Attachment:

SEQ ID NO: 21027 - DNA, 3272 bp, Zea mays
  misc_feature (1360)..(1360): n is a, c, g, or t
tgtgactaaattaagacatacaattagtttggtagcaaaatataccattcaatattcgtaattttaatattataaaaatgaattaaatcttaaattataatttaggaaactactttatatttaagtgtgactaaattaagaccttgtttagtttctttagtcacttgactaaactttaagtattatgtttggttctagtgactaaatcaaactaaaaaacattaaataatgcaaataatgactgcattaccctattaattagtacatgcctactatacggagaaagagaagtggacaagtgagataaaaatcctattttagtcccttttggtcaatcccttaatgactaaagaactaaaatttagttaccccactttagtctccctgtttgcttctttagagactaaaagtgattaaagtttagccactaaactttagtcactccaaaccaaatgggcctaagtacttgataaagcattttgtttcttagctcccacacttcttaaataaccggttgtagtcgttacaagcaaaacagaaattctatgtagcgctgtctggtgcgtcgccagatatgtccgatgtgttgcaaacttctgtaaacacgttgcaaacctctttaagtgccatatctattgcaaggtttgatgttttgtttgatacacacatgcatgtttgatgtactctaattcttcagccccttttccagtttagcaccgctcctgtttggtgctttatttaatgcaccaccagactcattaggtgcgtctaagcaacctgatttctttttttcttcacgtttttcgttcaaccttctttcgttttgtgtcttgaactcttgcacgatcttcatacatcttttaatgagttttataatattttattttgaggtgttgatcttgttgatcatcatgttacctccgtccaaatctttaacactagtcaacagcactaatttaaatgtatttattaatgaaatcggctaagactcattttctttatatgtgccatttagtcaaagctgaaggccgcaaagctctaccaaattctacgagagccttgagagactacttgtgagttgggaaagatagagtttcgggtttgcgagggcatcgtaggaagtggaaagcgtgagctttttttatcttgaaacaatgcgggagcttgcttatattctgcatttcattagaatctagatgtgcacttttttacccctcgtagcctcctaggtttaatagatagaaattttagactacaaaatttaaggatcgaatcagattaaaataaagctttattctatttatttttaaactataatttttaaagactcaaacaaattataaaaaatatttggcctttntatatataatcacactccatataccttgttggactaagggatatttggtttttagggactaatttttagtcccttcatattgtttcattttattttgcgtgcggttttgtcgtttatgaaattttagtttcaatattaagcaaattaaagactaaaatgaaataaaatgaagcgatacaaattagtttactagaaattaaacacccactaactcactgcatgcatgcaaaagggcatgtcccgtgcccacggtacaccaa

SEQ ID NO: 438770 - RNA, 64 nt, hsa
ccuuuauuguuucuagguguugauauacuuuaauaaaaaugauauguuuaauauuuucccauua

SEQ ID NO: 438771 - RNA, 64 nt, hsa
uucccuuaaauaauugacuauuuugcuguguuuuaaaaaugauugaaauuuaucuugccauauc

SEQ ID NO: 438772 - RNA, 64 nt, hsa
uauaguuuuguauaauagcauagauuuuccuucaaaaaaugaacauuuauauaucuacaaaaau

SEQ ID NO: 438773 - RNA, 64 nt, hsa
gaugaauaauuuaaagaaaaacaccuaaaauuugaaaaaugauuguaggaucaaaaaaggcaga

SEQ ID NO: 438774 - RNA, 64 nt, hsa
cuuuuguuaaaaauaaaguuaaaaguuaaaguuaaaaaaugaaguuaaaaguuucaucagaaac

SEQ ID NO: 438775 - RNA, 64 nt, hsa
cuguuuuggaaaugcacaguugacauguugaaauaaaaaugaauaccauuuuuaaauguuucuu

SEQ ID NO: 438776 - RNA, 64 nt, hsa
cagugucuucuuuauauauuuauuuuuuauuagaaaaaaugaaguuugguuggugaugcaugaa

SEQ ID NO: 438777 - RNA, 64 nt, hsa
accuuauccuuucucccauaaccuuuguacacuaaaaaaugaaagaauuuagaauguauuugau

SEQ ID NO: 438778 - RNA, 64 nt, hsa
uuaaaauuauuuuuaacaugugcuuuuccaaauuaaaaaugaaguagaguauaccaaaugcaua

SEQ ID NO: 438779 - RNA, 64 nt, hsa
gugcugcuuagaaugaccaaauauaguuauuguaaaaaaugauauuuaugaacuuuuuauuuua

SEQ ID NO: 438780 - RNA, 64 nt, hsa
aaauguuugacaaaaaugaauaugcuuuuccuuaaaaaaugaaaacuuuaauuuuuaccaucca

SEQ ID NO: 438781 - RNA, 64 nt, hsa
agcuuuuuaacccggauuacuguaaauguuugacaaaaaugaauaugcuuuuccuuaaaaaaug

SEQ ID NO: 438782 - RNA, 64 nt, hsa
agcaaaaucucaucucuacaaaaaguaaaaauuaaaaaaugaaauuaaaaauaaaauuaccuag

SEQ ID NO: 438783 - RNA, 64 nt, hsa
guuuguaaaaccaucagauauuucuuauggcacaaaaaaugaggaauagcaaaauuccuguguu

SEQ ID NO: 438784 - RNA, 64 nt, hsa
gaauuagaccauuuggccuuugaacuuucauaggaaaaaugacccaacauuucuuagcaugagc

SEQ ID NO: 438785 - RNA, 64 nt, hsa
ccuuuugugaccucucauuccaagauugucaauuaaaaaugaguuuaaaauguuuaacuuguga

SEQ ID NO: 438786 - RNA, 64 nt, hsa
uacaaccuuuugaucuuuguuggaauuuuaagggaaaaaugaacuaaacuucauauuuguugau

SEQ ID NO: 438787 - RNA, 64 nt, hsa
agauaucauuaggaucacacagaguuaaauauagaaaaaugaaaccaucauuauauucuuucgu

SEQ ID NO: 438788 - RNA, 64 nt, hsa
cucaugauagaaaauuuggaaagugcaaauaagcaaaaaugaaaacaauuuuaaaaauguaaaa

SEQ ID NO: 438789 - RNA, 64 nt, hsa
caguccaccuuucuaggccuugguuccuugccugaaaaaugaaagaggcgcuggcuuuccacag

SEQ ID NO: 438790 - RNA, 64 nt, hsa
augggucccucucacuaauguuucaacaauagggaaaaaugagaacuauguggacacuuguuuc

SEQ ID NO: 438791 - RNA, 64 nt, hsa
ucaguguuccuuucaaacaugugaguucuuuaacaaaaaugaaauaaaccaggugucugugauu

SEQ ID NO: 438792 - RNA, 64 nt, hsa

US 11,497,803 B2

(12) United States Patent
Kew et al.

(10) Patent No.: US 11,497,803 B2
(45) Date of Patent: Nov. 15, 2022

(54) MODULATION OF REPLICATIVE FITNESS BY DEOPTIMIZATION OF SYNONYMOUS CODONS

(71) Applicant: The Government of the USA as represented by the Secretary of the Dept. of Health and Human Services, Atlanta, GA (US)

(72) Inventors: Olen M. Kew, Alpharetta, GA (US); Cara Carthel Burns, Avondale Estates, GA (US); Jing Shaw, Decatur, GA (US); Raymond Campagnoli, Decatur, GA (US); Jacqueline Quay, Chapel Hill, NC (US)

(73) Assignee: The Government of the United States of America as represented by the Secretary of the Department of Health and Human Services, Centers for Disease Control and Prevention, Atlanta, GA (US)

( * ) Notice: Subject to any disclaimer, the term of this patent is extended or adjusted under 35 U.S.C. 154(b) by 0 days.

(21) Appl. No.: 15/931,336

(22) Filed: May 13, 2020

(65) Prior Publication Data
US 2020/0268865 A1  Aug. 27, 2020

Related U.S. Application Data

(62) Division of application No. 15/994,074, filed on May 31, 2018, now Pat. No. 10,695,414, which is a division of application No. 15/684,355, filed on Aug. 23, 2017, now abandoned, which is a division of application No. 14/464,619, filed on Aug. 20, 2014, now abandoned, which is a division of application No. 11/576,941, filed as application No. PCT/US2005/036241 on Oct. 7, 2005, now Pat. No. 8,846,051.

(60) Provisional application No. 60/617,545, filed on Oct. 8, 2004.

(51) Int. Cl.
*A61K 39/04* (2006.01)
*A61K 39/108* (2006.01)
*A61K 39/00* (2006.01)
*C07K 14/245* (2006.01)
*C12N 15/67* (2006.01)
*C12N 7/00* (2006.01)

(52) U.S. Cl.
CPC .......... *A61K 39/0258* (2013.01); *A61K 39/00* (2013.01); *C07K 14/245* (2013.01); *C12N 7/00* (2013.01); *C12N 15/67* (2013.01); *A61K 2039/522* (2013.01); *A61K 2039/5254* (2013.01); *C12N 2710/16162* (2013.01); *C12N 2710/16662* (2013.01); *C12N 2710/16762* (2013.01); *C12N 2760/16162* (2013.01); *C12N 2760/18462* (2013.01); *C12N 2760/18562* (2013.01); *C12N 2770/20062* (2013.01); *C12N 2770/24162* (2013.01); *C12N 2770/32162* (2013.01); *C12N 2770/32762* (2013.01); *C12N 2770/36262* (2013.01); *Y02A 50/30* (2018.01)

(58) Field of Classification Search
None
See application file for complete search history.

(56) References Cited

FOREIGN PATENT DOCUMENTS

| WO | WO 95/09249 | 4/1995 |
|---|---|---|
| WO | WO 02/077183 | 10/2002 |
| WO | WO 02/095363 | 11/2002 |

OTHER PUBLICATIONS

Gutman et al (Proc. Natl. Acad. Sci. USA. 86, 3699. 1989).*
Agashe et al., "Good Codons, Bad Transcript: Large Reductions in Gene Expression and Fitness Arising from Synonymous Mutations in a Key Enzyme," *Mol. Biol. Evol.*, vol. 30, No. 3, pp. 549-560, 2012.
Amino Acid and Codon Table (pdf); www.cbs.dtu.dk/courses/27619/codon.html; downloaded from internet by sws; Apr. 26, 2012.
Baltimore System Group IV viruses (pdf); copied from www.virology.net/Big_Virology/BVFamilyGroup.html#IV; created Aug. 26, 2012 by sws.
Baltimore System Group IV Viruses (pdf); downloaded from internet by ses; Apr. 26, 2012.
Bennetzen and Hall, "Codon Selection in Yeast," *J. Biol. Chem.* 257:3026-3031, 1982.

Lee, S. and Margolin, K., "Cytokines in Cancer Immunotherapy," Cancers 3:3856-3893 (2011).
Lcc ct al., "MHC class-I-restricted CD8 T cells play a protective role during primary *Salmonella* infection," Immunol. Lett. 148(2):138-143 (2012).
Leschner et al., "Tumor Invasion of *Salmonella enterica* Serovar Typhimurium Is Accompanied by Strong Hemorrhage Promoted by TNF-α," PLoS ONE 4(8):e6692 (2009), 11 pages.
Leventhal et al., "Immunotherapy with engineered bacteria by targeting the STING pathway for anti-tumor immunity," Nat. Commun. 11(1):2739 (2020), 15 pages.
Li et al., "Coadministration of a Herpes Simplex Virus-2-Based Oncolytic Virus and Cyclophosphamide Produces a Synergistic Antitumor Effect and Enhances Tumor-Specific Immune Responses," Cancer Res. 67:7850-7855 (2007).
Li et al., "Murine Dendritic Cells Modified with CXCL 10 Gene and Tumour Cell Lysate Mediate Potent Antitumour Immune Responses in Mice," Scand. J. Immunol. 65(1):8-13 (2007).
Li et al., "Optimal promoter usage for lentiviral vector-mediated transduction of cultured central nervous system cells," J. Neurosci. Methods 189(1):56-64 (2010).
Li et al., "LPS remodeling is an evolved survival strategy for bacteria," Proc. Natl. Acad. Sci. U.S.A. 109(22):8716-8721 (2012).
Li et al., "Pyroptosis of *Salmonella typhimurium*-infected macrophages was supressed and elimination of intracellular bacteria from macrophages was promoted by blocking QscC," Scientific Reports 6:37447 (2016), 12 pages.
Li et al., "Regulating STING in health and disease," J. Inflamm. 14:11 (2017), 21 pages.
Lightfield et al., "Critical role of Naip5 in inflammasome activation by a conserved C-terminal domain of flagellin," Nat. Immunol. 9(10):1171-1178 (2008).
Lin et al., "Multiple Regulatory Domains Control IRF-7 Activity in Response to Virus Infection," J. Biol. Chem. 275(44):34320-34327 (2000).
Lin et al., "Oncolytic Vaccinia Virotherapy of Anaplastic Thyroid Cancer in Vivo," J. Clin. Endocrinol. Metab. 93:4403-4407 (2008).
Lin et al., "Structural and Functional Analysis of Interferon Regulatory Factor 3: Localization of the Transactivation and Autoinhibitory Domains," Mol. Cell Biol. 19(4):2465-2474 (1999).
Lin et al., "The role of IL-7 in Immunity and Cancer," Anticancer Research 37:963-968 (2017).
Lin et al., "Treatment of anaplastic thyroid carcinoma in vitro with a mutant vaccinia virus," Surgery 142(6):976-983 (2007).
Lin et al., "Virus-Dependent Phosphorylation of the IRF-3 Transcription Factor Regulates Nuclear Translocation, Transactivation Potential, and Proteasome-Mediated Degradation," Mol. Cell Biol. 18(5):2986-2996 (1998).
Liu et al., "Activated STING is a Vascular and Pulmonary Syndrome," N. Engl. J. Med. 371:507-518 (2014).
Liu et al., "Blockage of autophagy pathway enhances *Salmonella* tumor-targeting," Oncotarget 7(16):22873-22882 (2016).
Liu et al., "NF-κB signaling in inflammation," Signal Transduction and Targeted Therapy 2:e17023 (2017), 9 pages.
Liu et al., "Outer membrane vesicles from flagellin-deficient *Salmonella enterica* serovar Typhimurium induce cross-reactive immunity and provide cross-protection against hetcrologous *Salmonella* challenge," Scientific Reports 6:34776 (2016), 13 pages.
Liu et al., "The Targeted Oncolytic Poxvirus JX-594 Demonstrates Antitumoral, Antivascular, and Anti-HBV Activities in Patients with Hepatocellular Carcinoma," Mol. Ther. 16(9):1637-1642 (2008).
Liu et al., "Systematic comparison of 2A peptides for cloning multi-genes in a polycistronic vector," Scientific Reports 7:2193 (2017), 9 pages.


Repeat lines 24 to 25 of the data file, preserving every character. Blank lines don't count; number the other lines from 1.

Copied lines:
SEQ ID NO: 438780 - RNA, 64 nt, hsa
aaauguuugacaaaaaugaauaugcuuuuccuuaaaaaaugaaaacuuuaauuuuuaccaucca